I have been getting leaned on a bit by some of the Democratic Party elders. Their subtle, nuanced message amounts to: lay the hell off Tony Evers, you asshole.
This has caused me to reflect on what it means to be a moderate.
First, a quick recap. I was so unhappy with Gov. Evers’ decision to sign a thoroughly conservative Republican budget that I ripped off a handful of columns in which I called for somebody to step up and challenge him in a primary. That strikes even me as being something other than moderate. After all, Evers comes from the mainstream wing of our party, he certainly has a reasonable temperament, he’s not given to flashy symbolic displays or divisive language. Generally speaking, I like the guy.
So, it’s kind of odd that a site that dedicates itself to center-left moderation and practical politics would be among the strongest voices in the state criticizing this governor, and the only one, so far as I can tell, that is calling for him to be primaried.
What gives? Why am I so peeved with Evers when all the party heavyweights and even firebrand lefties are toeing the company line?
The reason I’ve been so critical of Evers is that I don’t believe he is representing moderation very well.
Let’s start with substance. Evers did not sign a moderate budget; he signed a conservative one. The big tax cut in the Republican budget is skewed heavily toward the well off. If you make $30,000 a year, the tax cut Evers signed will save you $50. If you make $90,000, it’ll save you $555. Make three times more, get ten times the benefit. That’s the Republican way.
Further, the budget shortchanges public education and environmental protection. It continues to shun Federal money for Medicaid expansion. It fritters away the governor’s only real point of leverage to get a fair redistricting process.
Now let’s turn to process. A hallmark of moderation is willingness to compromise. But there was no compromise or negotiation in this budget. Evers proposed a budget. The Republicans tossed it out and passed their own. Evers signed Robin Vos’ budget. End of story.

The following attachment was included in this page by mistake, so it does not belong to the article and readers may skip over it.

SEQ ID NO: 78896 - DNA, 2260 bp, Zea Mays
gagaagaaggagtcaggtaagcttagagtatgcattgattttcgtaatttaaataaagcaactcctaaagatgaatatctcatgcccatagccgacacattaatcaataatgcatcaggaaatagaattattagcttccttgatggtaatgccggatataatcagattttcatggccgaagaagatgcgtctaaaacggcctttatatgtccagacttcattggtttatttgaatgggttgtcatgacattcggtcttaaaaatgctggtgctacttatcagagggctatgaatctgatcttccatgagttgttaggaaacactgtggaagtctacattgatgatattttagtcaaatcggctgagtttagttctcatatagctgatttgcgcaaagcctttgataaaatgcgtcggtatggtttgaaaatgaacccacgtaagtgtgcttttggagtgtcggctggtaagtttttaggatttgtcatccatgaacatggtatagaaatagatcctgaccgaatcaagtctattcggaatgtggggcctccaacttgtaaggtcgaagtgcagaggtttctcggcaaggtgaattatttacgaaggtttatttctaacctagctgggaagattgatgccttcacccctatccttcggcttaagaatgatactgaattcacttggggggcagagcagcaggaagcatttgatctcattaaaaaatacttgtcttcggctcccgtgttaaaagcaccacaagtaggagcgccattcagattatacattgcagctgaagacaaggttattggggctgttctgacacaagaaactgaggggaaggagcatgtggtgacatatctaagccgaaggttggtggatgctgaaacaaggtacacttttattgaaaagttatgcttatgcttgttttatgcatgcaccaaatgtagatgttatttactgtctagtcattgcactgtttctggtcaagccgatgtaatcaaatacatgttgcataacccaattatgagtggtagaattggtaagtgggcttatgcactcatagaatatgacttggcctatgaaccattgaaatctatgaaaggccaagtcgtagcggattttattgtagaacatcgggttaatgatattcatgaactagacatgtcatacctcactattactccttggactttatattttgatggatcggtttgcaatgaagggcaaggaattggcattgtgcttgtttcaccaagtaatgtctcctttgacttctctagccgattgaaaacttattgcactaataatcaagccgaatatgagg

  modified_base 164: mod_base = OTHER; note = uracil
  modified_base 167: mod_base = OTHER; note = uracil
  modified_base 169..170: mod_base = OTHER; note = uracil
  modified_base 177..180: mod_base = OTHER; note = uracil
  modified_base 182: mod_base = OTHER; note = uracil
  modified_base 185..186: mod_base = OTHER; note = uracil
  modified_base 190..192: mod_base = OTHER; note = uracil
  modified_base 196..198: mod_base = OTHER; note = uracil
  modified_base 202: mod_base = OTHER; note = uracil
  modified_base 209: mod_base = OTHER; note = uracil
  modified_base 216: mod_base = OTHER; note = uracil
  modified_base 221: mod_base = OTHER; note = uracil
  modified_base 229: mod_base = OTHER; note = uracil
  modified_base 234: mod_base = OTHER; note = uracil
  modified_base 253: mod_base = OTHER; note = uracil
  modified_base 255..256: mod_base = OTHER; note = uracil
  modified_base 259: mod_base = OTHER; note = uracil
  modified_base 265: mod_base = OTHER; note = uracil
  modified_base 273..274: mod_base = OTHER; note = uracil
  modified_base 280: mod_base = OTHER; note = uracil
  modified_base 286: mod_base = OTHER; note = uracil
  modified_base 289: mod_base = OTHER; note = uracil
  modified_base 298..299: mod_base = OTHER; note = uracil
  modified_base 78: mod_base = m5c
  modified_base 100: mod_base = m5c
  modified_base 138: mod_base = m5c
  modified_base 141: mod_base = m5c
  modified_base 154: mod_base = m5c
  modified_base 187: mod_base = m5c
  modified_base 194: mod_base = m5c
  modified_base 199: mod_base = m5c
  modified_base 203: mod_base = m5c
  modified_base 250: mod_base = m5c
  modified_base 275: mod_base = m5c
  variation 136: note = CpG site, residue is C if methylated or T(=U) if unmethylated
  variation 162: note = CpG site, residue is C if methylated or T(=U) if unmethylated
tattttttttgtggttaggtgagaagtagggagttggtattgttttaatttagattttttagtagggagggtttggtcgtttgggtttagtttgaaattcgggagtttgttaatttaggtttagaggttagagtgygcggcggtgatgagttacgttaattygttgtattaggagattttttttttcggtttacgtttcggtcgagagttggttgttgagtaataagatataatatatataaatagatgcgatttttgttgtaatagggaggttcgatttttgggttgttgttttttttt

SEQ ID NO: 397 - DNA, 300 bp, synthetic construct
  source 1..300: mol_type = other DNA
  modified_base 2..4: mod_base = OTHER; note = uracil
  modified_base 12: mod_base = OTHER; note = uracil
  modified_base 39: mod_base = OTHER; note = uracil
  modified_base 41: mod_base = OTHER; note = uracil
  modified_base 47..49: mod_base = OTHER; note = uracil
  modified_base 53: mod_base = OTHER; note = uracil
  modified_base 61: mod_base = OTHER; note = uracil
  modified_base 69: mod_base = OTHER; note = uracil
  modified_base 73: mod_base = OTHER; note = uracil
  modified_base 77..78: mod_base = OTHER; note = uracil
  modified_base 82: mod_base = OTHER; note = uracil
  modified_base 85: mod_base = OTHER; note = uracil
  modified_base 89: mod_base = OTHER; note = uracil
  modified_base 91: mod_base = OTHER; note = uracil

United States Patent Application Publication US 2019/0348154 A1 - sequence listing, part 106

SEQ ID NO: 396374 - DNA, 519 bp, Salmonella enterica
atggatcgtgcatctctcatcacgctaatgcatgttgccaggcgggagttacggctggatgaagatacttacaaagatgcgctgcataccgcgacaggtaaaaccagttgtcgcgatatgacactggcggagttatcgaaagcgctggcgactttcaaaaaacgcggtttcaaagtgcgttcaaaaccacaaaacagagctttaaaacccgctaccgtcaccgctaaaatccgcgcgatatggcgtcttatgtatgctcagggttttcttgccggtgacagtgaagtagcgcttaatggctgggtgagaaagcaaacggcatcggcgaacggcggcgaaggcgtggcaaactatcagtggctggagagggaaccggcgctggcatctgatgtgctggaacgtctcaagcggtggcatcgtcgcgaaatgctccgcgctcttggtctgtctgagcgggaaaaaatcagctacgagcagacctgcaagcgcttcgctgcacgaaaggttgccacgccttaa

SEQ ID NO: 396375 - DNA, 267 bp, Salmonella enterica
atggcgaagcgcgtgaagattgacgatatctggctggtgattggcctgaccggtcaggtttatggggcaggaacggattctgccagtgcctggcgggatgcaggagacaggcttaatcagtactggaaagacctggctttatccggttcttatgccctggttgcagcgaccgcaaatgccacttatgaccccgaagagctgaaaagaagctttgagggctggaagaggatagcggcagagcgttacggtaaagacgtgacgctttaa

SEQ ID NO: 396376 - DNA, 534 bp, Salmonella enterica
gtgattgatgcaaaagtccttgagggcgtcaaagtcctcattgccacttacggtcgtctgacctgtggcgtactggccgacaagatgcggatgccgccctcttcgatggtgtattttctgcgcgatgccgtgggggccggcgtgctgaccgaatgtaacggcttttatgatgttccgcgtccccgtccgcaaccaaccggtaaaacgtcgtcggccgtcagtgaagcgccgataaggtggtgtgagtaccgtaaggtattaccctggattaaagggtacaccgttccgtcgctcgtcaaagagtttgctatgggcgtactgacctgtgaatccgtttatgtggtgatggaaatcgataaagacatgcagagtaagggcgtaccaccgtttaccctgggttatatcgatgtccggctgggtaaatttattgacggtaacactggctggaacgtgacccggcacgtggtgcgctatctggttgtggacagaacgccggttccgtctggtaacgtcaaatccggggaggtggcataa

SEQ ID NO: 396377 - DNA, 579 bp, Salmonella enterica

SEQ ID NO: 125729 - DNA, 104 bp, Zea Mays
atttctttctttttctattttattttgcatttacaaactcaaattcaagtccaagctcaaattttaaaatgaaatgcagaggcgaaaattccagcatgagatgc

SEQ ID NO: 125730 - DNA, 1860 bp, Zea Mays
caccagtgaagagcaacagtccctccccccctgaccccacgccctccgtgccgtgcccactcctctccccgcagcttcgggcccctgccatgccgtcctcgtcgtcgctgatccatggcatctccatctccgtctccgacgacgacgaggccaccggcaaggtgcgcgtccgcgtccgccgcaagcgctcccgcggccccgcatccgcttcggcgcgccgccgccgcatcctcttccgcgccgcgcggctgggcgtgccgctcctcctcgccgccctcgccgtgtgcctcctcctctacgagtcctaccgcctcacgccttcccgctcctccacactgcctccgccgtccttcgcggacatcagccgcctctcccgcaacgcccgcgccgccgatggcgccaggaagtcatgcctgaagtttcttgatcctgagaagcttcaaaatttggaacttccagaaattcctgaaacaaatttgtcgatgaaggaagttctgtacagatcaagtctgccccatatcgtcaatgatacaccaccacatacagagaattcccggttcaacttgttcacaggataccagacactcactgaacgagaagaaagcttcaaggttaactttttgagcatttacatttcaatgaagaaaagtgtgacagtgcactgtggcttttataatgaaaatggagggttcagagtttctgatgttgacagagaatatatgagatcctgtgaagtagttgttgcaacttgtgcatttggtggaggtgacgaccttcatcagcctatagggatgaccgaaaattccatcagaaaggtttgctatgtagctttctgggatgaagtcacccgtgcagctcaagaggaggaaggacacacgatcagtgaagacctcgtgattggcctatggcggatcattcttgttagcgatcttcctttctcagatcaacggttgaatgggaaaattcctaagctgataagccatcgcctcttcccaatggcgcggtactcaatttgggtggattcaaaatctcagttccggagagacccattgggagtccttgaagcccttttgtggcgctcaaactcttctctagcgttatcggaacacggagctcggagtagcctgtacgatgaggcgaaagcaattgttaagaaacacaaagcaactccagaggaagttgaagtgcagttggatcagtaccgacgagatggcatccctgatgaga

So when you have a moderate governor who signs a conservative budget that is in no way the product of compromise, you’ve got a governor who is doing no favors for the cause of moderation.
Moderate means being reasonable, it means listening to other points of view, it means being willing to compromise. But it most definitely does not mean weakness, caving in without a fight or not believing in anything.
As a matter of fact, in a world that has become so polarized, moderates probably need to fight harder than anybody to stake their claim to a piece of the public square. Standing between the trenches is a pretty dangerous place to be. It takes some fortitude. When a moderate looks like he just won’t fight for anything at all, it reflects poorly on the whole cause of moderation. That’s my problem with Evers.
Look folks, there are plenty of party regulars who are just going to fall into line and there are plenty of Republicans who are going to make goofy charges that Evers is a socialist. (Wait. If Evers signed Vos’ budget and Evers is a socialist, doesn’t that make Vos a socialist?)
The one argument that the elders make that does give me some pause is that something I’ve written might make it harder for Evers to win the general election, assuming he’s the nominee and there is no primary, or that he prevails in one. But as I explained earlier this week, my arguments may or may not resonate among primary voters. They don’t work against him in a general election. In fact, the idea that Evers has some unrest on his left helps him in defusing the inevitable attack that he’s been captured by the far left in his own party.
I’m a center-left moderate Democrat. I’m neither a Republican nor a blindly loyal Democratic partisan. I understand that some of the party faithful don’t like it, but I’m going to keep writing stuff that I think makes sense.
This is the 156th consecutive day of posts here at YSDA. Thanks for reading!